David’s anger wasn’t just about the doctor’s killing but, of course, over Rachel. Sometimes, Satan doesn’t need to speak lies to us to bring hurt and further temptation, he merely needs to tell us the truth. We know what happens next. The shards of the plate on the floor. David needing to be calmed by Stephan leaving Rachel vulnerable. The escape. The lie then leads to more shame, more pain, and living a life outside of grace and freedom.

Choose the Cross over Sin, Choose the Cross Again over Shame

We are not very different than David, Rachel, and Stephan. We are faced with the same temptations and daily choices: confess sin or hide it? Run to the cross for relief or trust in the fleeting damaging pleasure of sin?

Therefore, as one trespass led to condemnation for all men, so one act of righteousness leads to justification and life for all men. For as by the one man’s disobedience the many were made sinners, so by the one man’s obedience the many will be made righteous. Now the law came in to increase the trespass, but where sin increased, grace abounded all the more, so that, as sin reigned in death, grace also might reign through righteousness leading to eternal life through Jesus Christ our Lord. (Romans 5:18-21 ESV)

Jesus died and suffered on the cross to bring you to him, to crush the power and temptation of sin, and to bring about your justification. In Christ, we are free! There is now no condemnation! We have nothing to hide! We need not cling to our own façade and reputation – Jesus is our reputation. He is our righteousness. We will fail. We will sin. We will err. He died for it all. Many times, we lie or choose sin simply because of a mistake we made that is not even sin itself! Jesus came to free you from that to walk in the light, to be yourself, to know Him and be satisfied in him. Freedom is not found in the dark but in the light, in Christ.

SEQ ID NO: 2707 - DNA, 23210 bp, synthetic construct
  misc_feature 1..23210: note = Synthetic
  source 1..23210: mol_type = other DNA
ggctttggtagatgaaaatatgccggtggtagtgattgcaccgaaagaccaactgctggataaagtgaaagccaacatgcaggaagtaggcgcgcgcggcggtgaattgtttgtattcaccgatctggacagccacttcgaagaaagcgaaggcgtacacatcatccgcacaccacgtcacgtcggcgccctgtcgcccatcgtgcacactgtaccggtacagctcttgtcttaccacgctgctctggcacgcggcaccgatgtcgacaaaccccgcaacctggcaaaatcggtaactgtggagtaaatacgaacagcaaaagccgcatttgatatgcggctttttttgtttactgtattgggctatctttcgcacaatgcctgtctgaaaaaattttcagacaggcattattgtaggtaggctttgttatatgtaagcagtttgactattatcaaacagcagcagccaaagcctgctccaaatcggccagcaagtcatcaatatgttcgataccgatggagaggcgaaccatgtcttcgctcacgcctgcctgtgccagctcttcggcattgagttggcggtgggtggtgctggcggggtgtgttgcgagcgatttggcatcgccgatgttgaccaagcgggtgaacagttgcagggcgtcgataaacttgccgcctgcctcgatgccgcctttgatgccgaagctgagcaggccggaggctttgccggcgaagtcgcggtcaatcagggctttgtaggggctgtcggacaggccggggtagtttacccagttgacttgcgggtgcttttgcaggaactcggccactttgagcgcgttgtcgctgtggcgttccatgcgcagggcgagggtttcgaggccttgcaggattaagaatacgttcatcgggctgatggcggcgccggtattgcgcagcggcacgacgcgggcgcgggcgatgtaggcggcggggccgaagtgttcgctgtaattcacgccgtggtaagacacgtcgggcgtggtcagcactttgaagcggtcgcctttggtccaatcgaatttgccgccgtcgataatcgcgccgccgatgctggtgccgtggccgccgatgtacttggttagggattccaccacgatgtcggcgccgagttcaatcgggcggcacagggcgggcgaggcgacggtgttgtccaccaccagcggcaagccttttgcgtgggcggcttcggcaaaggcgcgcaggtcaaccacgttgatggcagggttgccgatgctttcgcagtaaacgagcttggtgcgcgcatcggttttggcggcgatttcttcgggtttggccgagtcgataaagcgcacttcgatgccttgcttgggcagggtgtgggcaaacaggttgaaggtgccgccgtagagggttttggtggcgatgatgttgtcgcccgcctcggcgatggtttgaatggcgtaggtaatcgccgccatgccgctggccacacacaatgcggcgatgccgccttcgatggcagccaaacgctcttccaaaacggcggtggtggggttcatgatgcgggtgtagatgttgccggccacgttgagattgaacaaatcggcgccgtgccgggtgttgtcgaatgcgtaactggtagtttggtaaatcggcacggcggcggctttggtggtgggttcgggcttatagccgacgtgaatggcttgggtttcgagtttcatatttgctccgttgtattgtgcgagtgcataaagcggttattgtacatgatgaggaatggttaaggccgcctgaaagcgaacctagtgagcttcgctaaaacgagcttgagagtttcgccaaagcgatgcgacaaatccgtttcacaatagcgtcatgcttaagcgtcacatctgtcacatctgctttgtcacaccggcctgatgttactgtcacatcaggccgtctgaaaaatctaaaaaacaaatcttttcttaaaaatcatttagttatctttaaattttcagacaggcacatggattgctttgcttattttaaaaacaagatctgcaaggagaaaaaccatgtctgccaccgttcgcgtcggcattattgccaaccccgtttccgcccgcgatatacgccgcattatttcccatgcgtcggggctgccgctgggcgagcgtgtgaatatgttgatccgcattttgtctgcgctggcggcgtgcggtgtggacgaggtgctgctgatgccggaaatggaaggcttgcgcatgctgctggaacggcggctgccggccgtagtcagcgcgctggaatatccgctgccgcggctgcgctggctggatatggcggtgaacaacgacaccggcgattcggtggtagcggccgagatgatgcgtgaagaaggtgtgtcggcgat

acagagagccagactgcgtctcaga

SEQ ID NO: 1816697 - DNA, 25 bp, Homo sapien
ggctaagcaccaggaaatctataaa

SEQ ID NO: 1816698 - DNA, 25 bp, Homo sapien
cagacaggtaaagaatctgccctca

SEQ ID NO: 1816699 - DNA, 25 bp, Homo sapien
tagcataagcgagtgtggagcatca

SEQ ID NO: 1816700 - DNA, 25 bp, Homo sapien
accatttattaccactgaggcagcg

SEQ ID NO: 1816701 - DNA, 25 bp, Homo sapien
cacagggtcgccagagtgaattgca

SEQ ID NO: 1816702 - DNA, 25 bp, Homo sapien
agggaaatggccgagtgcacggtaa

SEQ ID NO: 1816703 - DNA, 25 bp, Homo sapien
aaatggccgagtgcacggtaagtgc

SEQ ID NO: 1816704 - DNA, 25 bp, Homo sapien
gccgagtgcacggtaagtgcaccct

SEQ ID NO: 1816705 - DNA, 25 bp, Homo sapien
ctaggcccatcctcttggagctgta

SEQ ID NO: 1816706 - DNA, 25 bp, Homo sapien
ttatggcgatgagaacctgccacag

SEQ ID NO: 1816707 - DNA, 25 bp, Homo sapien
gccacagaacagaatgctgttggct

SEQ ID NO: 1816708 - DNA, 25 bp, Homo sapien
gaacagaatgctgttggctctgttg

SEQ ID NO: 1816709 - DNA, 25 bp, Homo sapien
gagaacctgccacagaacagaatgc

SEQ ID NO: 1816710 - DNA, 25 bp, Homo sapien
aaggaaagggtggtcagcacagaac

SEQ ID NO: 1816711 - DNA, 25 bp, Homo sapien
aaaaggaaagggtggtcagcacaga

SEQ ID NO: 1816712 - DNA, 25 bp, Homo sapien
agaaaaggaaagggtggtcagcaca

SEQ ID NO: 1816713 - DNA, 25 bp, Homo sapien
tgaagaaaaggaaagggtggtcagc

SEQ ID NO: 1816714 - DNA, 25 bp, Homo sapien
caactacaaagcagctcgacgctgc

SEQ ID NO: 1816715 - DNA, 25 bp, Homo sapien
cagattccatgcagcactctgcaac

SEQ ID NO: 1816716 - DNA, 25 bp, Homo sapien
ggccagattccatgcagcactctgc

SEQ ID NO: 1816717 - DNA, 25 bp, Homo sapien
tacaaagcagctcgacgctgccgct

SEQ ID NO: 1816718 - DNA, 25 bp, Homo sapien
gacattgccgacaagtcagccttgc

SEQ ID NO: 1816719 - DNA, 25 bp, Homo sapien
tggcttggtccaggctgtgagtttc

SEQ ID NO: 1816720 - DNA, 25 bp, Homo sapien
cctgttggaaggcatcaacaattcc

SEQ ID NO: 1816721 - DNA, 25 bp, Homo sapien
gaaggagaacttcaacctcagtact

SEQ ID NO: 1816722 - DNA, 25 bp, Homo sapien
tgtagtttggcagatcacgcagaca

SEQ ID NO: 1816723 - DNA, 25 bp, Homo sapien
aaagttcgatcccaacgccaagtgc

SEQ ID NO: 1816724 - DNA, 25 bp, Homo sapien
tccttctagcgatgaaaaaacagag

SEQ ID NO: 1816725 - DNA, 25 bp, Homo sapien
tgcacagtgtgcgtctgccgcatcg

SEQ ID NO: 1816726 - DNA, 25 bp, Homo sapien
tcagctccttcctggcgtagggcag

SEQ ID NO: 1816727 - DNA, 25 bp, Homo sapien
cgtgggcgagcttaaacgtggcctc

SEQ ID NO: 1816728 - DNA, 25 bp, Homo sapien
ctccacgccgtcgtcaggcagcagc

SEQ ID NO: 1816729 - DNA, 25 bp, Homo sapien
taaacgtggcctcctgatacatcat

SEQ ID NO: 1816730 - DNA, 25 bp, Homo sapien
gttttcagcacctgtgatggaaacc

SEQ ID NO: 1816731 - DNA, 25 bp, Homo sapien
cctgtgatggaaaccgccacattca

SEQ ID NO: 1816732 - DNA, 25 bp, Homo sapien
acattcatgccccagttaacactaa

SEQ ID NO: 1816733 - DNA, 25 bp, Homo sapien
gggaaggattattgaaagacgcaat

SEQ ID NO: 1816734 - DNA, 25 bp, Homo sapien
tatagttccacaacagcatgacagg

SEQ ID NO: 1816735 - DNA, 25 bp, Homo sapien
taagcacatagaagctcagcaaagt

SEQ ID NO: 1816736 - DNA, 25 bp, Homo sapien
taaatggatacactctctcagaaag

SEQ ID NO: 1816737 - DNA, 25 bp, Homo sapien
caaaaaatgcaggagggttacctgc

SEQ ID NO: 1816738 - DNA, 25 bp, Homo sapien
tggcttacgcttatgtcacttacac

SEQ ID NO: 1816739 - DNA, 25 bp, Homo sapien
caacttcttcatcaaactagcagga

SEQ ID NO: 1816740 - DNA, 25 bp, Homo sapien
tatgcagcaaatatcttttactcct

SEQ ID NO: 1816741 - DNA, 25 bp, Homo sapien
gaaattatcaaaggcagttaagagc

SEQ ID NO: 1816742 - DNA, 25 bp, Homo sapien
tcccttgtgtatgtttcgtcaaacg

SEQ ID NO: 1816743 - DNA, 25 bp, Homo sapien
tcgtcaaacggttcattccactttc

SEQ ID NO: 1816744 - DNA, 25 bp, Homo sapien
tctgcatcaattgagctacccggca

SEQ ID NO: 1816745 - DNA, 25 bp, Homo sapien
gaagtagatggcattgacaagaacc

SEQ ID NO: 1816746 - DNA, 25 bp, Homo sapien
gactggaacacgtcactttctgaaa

But what fruit were you getting at that time from the things of which you are now ashamed? For the end of those things is death. But now that you have been set free from sin and have become slaves of God, the fruit you get leads to sanctification and its end, eternal life. For the wages of sin is death, but the free gift of God is eternal life in Christ Jesus our Lord. (Romans 6:21-23 ESV)

I’m thankful for the film, “The Debt,” in how it so powerfully illustrates the consequence of sin and the shame and torture that lies lead to. Thank God for sending his son to bring us freedom. May he work in us to give us a deeper understanding of our justification and his deep, deep love for us, that we would not hide but come to him more and more.

It was a crazy summer and I honestly did not read as much I had wanted. But here are 4 quick reviews from the summer: Boys Adrift, To Kill a Mockingbird, Church Planter, and Brain Rules.

Boys Adrift by Leonard Sax

Think twice before you look condescendingly at the traditions of other cultures that have lasted far longer than our own. Our culture’s neglect of the transition to manhood is not producing an overabundance of young men who are sensitive, caring, and hardworking.